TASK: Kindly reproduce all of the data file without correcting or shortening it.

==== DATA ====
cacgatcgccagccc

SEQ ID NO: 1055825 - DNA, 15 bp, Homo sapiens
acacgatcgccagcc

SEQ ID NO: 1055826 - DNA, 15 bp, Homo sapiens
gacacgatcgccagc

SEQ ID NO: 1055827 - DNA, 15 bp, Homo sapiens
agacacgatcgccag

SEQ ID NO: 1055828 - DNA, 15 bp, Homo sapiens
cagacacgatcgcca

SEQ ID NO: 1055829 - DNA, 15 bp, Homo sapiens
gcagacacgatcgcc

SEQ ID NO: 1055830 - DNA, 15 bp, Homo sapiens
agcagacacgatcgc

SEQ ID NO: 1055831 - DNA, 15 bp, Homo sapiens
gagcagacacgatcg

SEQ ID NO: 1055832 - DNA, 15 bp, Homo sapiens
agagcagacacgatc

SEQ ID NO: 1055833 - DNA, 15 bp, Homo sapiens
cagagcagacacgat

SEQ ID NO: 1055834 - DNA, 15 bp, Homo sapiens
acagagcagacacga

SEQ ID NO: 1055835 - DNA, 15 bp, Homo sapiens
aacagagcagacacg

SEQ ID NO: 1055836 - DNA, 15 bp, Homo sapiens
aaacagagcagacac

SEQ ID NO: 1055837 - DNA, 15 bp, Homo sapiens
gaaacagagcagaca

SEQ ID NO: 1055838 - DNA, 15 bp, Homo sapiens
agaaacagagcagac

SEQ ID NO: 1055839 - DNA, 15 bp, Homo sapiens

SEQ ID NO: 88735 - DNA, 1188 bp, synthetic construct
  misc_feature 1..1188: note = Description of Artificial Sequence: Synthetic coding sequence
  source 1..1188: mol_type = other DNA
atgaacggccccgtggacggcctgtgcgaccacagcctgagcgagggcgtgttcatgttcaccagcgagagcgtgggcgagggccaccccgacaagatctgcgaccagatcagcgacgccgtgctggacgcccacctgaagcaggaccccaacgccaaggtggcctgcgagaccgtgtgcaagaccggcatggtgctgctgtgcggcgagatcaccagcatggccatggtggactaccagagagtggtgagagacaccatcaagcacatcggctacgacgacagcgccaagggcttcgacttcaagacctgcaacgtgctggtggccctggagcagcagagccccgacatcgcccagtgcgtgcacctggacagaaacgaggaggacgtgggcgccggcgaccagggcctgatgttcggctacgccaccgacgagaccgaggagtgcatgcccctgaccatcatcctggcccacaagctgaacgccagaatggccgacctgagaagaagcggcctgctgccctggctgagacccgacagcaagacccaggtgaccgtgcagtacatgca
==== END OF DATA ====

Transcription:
cacgatcgccagccc

SEQ ID NO: 1055825 - DNA, 15 bp, Homo sapiens
acacgatcgccagcc

SEQ ID NO: 1055826 - DNA, 15 bp, Homo sapiens
gacacgatcgccagc

SEQ ID NO: 1055827 - DNA, 15 bp, Homo sapiens
agacacgatcgccag

SEQ ID NO: 1055828 - DNA, 15 bp, Homo sapiens
cagacacgatcgcca

SEQ ID NO: 1055829 - DNA, 15 bp, Homo sapiens
gcagacacgatcgcc

SEQ ID NO: 1055830 - DNA, 15 bp, Homo sapiens
agcagacacgatcgc

SEQ ID NO: 1055831 - DNA, 15 bp, Homo sapiens
gagcagacacgatcg

SEQ ID NO: 1055832 - DNA, 15 bp, Homo sapiens
agagcagacacgatc

SEQ ID NO: 1055833 - DNA, 15 bp, Homo sapiens
cagagcagacacgat

SEQ ID NO: 1055834 - DNA, 15 bp, Homo sapiens
acagagcagacacga

SEQ ID NO: 1055835 - DNA, 15 bp, Homo sapiens
aacagagcagacacg

SEQ ID NO: 1055836 - DNA, 15 bp, Homo sapiens
aaacagagcagacac

SEQ ID NO: 1055837 - DNA, 15 bp, Homo sapiens
gaaacagagcagaca

SEQ ID NO: 1055838 - DNA, 15 bp, Homo sapiens
agaaacagagcagac

SEQ ID NO: 1055839 - DNA, 15 bp, Homo sapiens

SEQ ID NO: 88735 - DNA, 1188 bp, synthetic construct
  misc_feature 1..1188: note = Description of Artificial Sequence: Synthetic coding sequence
  source 1..1188: mol_type = other DNA
atgaacggccccgtggacggcctgtgcgaccacagcctgagcgagggcgtgttcatgttcaccagcgagagcgtgggcgagggccaccccgacaagatctgcgaccagatcagcgacgccgtgctggacgcccacctgaagcaggaccccaacgccaaggtggcctgcgagaccgtgtgcaagaccggcatggtgctgctgtgcggcgagatcaccagcatggccatggtggactaccagagagtggtgagagacaccatcaagcacatcggctacgacgacagcgccaagggcttcgacttcaagacctgcaacgtgctggtggccctggagcagcagagccccgacatcgcccagtgcgtgcacctggacagaaacgaggaggacgtgggcgccggcgaccagggcctgatgttcggctacgccaccgacgagaccgaggagtgcatgcccctgaccatcatcctggcccacaagctgaacgccagaatggccgacctgagaagaagcggcctgctgccctggctgagacccgacagcaagacccaggtgaccgtgcagtacatgca